Two recent cases in the High Court in England & Wales have decided that commercial rent arrears are due and owing by tenants, despite long periods of closure and statutory restrictions on non-essential businesses during the pandemic.
The first reported case on these issues was Commerz Real Investmentgesellschaft mbH v TFS Stores Limited. Here, the tenant had not paid rent and service charge since April 2020, due under its lease of retail premises. The tenant argued it could not afford to pay the rent, because of lack of footfall during the pandemic. The tenant further argued that the arrears claim was premature, because the landlord had not followed the 'Code of Practice for commercial property relationships during the COVID-19 pandemic' guidance ("Code") and the legislative restrictions on enforcement of lease covenants; and, the landlord was obliged to utilise insurance monies for loss of rent.
The Court disagreed on both points: 1) the Code did not have the effect of varying or suspending contractual terms and the landlord had engaged it in any event and the legislative prohibitions did not alter a landlord's ability to bring a claim for rent and service charge arrears 2) there was no obligation for the landlord to look to its insurance first and, since there was no damage to the premises, any landlord insurance claim would fail in any event.
The court also stated that no implied term would be read into a 'keep open' covenant that rent would not be payable, while the pandemic statutory prohibitions enforcing closure of premises were in place.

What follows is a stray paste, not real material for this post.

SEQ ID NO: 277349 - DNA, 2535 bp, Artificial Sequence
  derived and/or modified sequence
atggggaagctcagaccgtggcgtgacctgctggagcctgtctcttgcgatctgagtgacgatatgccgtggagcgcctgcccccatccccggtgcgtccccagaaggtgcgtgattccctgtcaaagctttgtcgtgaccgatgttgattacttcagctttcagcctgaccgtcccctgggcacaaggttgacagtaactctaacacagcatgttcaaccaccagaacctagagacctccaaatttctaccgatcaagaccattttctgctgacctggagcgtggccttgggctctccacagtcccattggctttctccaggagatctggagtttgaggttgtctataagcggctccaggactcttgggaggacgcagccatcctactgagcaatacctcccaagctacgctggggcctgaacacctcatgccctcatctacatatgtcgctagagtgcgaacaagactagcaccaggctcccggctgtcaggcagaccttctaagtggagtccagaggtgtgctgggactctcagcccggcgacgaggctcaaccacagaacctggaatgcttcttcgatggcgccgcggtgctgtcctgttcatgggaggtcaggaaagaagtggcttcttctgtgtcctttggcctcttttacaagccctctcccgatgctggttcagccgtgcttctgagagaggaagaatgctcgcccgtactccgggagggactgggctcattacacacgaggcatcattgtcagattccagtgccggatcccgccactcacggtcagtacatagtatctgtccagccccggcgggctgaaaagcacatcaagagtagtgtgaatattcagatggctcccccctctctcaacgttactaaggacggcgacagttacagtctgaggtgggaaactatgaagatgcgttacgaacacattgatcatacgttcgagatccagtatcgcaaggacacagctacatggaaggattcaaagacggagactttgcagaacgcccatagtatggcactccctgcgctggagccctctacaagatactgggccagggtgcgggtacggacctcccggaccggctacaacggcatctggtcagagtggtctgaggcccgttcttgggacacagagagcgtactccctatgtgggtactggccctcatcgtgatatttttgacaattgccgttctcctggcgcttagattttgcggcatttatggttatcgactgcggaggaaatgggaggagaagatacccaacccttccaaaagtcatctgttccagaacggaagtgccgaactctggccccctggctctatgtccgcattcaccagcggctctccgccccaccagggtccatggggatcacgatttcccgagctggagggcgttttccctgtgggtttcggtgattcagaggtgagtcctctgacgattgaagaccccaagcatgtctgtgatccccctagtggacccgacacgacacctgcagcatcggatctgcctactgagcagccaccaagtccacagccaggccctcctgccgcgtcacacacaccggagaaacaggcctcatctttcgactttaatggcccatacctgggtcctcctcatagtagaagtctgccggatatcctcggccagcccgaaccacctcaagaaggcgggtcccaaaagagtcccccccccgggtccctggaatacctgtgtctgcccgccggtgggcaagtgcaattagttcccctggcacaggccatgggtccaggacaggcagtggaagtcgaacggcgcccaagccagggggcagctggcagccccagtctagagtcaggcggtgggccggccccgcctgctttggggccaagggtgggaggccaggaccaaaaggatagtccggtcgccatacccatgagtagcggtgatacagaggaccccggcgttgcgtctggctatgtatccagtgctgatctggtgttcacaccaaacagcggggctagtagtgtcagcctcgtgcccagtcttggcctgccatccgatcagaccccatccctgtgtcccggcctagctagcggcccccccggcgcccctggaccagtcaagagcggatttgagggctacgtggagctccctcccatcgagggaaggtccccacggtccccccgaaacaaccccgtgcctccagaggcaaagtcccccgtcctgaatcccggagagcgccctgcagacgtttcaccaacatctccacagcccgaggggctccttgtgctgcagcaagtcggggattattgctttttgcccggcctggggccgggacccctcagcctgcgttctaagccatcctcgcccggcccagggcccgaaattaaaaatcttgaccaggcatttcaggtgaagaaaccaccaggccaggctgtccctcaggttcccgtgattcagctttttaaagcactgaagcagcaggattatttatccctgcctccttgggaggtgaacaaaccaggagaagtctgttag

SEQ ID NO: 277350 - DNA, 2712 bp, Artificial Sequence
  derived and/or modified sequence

In the second reported case of Bank of New York Mellon (International) Limited v Cine-UK Limited tenant arrears were outstanding from March 2020. Like TFS, the various tenants (a number of cases were heard together) had been unable to trade during the pandemic. The tenants raised a number of arguments relating to the Code, implied terms, insurance and that COVID was an event which (temporarily) frustrated the leases. They also tried to argue summary judgment (detailed below) was not suitable, owing to the technical defences and complexity of the issues in dispute.
The High Court unflinchingly rejected all arguments raised by the many tenants, signifying a certain death knell for any future tenant defences based upon non-payment of rents resulting from the pandemic.
Both cases were determined by way of summary judgment. Summary judgment can be awarded in circumstances where the defendant, in essence, has no grounds to defend the claim and so there is no reason why the case should proceed all the way to a full trial. The High Court has affirmed that a contractual obligation to pay rent under a lease, remains a good case in point in dealing with rent arrears by way of summary judgment application.
For further information about making a summary judgment application, please see our previous legal view in Place North West here (note: the restrictions have been further extended to 30 June 2021).
If you have any concerns or questions about your or, your tenant(s), arrears, how it may impact your business and what you can do about it, please do not hesitate to get in touch with our Real Estate Disputes team or your usual Brodies' contact.